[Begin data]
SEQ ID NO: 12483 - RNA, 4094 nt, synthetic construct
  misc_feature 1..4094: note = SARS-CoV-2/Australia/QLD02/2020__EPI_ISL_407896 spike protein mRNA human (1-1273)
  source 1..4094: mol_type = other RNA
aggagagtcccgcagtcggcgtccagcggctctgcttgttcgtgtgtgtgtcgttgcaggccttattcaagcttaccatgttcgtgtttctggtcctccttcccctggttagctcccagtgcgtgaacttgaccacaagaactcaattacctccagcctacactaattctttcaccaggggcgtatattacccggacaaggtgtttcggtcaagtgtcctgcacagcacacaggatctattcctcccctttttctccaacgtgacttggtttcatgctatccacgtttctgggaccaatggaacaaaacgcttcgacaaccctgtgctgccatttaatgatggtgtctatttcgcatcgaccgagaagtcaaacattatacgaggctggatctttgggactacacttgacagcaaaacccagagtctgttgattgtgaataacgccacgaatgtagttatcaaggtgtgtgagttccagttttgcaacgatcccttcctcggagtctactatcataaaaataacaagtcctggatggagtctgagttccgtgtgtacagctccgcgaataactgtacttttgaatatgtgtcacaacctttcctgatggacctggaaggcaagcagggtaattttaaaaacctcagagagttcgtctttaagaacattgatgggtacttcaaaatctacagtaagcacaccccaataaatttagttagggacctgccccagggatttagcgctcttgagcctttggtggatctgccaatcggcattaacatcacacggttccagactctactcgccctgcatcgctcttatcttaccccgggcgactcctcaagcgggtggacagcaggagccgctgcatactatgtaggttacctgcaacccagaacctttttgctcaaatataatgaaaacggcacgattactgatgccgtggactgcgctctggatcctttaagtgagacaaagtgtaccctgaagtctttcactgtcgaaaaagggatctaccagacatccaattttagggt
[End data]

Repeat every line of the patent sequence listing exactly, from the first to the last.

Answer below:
SEQ ID NO: 12483 - RNA, 4094 nt, synthetic construct
  misc_feature 1..4094: note = SARS-CoV-2/Australia/QLD02/2020__EPI_ISL_407896 spike protein mRNA human (1-1273)
  source 1..4094: mol_type = other RNA
aggagagtcccgcagtcggcgtccagcggctctgcttgttcgtgtgtgtgtcgttgcaggccttattcaagcttaccatgttcgtgtttctggtcctccttcccctggttagctcccagtgcgtgaacttgaccacaagaactcaattacctccagcctacactaattctttcaccaggggcgtatattacccggacaaggtgtttcggtcaagtgtcctgcacagcacacaggatctattcctcccctttttctccaacgtgacttggtttcatgctatccacgtttctgggaccaatggaacaaaacgcttcgacaaccctgtgctgccatttaatgatggtgtctatttcgcatcgaccgagaagtcaaacattatacgaggctggatctttgggactacacttgacagcaaaacccagagtctgttgattgtgaataacgccacgaatgtagttatcaaggtgtgtgagttccagttttgcaacgatcccttcctcggagtctactatcataaaaataacaagtcctggatggagtctgagttccgtgtgtacagctccgcgaataactgtacttttgaatatgtgtcacaacctttcctgatggacctggaaggcaagcagggtaattttaaaaacctcagagagttcgtctttaagaacattgatgggtacttcaaaatctacagtaagcacaccccaataaatttagttagggacctgccccagggatttagcgctcttgagcctttggtggatctgccaatcggcattaacatcacacggttccagactctactcgccctgcatcgctcttatcttaccccgggcgactcctcaagcgggtggacagcaggagccgctgcatactatgtaggttacctgcaacccagaacctttttgctcaaatataatgaaaacggcacgattactgatgccgtggactgcgctctggatcctttaagtgagacaaagtgtaccctgaagtctttcactgtcgaaaaagggatctaccagacatccaattttagggt